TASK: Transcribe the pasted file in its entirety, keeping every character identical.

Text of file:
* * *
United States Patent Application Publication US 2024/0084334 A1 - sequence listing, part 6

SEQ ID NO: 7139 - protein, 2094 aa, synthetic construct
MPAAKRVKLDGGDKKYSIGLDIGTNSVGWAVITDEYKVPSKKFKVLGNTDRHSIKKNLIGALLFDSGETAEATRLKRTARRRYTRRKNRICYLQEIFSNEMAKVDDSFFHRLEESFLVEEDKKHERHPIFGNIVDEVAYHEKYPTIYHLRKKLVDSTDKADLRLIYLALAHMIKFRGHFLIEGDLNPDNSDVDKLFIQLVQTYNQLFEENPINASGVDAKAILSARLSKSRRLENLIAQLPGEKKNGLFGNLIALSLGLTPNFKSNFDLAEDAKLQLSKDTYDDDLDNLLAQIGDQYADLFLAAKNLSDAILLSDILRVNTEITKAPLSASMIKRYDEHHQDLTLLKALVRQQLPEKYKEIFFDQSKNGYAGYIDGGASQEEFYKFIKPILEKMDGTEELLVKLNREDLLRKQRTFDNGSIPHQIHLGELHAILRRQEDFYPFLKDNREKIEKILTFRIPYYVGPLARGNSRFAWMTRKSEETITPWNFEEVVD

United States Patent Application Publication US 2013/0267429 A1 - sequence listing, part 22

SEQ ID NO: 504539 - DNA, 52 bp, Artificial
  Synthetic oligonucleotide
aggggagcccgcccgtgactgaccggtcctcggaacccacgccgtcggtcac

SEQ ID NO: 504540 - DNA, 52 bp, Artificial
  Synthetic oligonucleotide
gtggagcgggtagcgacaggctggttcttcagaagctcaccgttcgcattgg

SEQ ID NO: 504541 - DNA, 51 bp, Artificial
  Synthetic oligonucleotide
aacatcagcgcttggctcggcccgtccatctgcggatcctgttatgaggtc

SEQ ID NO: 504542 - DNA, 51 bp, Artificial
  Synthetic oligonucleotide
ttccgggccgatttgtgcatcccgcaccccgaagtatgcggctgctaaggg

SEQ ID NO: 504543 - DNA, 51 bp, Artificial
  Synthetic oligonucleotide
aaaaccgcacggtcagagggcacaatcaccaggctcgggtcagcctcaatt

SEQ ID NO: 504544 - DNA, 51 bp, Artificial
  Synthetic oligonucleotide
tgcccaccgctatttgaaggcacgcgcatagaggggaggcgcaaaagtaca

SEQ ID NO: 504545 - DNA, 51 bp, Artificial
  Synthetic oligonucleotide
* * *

United States Patent Application Publication US 2024/0084334 A1 - sequence listing, part 6

SEQ ID NO: 7139 - protein, 2094 aa, synthetic construct
MPAAKRVKLDGGDKKYSIGLDIGTNSVGWAVITDEYKVPSKKFKVLGNTDRHSIKKNLIGALLFDSGETAEATRLKRTARRRYTRRKNRICYLQEIFSNEMAKVDDSFFHRLEESFLVEEDKKHERHPIFGNIVDEVAYHEKYPTIYHLRKKLVDSTDKADLRLIYLALAHMIKFRGHFLIEGDLNPDNSDVDKLFIQLVQTYNQLFEENPINASGVDAKAILSARLSKSRRLENLIAQLPGEKKNGLFGNLIALSLGLTPNFKSNFDLAEDAKLQLSKDTYDDDLDNLLAQIGDQYADLFLAAKNLSDAILLSDILRVNTEITKAPLSASMIKRYDEHHQDLTLLKALVRQQLPEKYKEIFFDQSKNGYAGYIDGGASQEEFYKFIKPILEKMDGTEELLVKLNREDLLRKQRTFDNGSIPHQIHLGELHAILRRQEDFYPFLKDNREKIEKILTFRIPYYVGPLARGNSRFAWMTRKSEETITPWNFEEVVD

United States Patent Application Publication US 2013/0267429 A1 - sequence listing, part 22

SEQ ID NO: 504539 - DNA, 52 bp, Artificial
  Synthetic oligonucleotide
aggggagcccgcccgtgactgaccggtcctcggaacccacgccgtcggtcac

SEQ ID NO: 504540 - DNA, 52 bp, Artificial
  Synthetic oligonucleotide
gtggagcgggtagcgacaggctggttcttcagaagctcaccgttcgcattgg

SEQ ID NO: 504541 - DNA, 51 bp, Artificial
  Synthetic oligonucleotide
aacatcagcgcttggctcggcccgtccatctgcggatcctgttatgaggtc

SEQ ID NO: 504542 - DNA, 51 bp, Artificial
  Synthetic oligonucleotide
ttccgggccgatttgtgcatcccgcaccccgaagtatgcggctgctaaggg

SEQ ID NO: 504543 - DNA, 51 bp, Artificial
  Synthetic oligonucleotide
aaaaccgcacggtcagagggcacaatcaccaggctcgggtcagcctcaatt

SEQ ID NO: 504544 - DNA, 51 bp, Artificial
  Synthetic oligonucleotide
tgcccaccgctatttgaaggcacgcgcatagaggggaggcgcaaaagtaca

SEQ ID NO: 504545 - DNA, 51 bp, Artificial
  Synthetic oligonucleotide